Lucid Culture

JAZZ, CLASSICAL MUSIC AND THE ARTS IN NEW YORK CITY

This Hole’s Got a Bucket in It

Ben Syversen plays trumpet in two of New York’s best bands, Balkan juggernaut Raya Brass Band and also ferociously eclectic guitar-and-horn-driven “new Balkan uproar” outfit Ansambl Mastika. His new solo album Cracked Vessel is a masterpiece of warped, paint-peeling noise and spontaneous fun. Part noise-rock, part free jazz, with frequent Balkan and funk tinges, it screeches, squalls and rattles its way through one side of your cranium and out the other. Easy listening? Hardly, but it’s without question one of the most deliciously intense albums of the year (it’ll be on our Best of 2010 list at the end of December). Alongside Syversen’s alternately thoughtful atmospherics, blazing Gypsy sprints and tersely wary passages, Xander Naylor’s guitars do triple duty, serving as both bass and percussion along with providing some of the most memorably twisted sonics recently captured on disc. The beats can get even crazier when Jeremy Gustin’s drums are in the mix; otherwise, he holds this beast to the rails while it thrashes to break free and leap into the nearest abyss.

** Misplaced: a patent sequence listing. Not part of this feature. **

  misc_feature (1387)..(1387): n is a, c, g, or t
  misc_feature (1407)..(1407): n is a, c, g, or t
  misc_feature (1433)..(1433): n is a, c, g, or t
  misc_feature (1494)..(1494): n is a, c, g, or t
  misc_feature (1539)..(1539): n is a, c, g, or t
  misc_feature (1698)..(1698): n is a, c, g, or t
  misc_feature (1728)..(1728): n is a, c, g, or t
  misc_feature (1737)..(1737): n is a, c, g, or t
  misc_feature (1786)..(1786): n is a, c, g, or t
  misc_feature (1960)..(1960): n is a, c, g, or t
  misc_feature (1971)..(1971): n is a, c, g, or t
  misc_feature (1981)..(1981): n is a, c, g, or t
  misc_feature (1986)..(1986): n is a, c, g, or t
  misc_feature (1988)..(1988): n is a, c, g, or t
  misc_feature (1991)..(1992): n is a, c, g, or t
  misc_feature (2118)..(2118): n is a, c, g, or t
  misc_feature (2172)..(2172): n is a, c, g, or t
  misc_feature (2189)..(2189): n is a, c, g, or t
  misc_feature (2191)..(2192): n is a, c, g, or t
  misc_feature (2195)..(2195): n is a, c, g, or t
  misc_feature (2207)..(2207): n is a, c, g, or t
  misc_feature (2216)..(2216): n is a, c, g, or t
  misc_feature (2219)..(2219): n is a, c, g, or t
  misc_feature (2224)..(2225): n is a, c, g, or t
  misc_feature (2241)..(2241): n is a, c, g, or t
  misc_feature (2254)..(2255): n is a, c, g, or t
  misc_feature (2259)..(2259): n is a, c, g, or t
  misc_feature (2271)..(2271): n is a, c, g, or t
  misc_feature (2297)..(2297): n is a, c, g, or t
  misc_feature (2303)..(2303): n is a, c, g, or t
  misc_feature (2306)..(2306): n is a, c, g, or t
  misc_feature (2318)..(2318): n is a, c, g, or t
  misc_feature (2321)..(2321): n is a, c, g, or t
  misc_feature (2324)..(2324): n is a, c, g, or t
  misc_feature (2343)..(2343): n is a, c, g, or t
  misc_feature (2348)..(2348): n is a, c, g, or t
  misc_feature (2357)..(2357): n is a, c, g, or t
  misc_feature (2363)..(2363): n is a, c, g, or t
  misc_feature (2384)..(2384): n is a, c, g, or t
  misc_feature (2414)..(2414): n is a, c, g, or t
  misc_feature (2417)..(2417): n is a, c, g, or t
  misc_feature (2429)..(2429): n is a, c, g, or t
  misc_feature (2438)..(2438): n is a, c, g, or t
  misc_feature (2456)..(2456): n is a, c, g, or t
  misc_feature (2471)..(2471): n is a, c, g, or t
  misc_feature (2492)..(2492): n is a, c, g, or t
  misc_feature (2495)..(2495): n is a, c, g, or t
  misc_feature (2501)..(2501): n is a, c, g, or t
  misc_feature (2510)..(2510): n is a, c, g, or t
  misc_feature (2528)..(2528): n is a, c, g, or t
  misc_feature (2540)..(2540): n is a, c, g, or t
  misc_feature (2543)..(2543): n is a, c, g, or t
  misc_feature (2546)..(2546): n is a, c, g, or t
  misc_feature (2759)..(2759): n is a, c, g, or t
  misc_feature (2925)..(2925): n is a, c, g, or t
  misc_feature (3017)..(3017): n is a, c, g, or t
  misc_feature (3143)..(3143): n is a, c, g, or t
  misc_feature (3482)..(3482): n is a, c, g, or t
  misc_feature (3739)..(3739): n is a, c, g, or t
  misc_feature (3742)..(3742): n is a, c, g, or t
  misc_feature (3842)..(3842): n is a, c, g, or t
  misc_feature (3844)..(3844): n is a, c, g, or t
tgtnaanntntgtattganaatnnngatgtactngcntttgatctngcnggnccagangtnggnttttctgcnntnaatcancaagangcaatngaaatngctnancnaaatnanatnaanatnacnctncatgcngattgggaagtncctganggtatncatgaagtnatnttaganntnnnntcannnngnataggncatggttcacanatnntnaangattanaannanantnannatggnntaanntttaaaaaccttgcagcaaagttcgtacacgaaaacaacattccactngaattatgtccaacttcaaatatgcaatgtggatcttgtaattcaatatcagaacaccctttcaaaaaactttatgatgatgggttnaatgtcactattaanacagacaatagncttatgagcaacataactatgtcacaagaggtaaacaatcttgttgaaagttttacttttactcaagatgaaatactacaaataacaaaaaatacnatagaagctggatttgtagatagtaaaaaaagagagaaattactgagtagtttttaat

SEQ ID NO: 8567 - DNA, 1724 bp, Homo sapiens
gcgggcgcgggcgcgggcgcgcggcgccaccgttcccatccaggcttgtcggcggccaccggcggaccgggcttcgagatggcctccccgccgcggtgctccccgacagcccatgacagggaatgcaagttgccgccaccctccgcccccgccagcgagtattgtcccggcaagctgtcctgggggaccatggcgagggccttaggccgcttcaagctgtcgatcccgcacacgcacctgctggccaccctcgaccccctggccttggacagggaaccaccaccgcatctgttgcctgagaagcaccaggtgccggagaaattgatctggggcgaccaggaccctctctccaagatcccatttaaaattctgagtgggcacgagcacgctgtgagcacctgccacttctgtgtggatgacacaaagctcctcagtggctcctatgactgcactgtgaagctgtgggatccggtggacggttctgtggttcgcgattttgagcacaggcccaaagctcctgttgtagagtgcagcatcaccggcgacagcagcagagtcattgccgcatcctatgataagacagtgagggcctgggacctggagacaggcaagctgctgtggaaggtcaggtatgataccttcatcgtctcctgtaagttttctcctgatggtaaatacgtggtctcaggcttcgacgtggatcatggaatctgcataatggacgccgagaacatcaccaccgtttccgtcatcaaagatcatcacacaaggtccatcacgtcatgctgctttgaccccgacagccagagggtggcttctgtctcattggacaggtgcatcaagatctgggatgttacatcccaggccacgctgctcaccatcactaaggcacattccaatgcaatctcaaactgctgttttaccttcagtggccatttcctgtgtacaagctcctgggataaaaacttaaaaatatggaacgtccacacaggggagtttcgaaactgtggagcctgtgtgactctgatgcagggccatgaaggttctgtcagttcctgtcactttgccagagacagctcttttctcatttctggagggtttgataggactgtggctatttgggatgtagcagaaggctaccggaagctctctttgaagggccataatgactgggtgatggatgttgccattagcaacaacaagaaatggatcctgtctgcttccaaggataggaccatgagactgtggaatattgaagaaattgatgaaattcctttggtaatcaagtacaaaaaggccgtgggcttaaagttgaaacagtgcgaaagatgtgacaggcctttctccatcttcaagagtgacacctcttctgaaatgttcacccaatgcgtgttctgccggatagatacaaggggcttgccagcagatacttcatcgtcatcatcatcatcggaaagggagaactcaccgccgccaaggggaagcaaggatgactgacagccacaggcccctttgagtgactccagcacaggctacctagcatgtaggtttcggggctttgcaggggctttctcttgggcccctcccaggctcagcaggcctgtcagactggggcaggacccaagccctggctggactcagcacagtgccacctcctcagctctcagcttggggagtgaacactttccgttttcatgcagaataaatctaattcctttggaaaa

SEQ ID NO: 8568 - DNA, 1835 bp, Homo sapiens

The album opens with the possibly sardonically titled Frontman, Syversen playing sort of a “charge” theme over percussive, trebly guitar skronk. As is the case frequently here, the drums crash in, the guitar goes nuts – and then it’s over. A staggered, off-kilter stomp with Balkan overtones, Weird Science sounds like a sketch that Slavic Soul Party might have abandoned because it was too crazy even for them, especially as the guitar careens and roars. Bad Idea contrasts pensive, terse trumpet against gingerly stumbling guitar underneath, finally exploding in a ball of chromatic fury and then back down again. Naylor cools the embers with sheets of reverb-drenched white noise.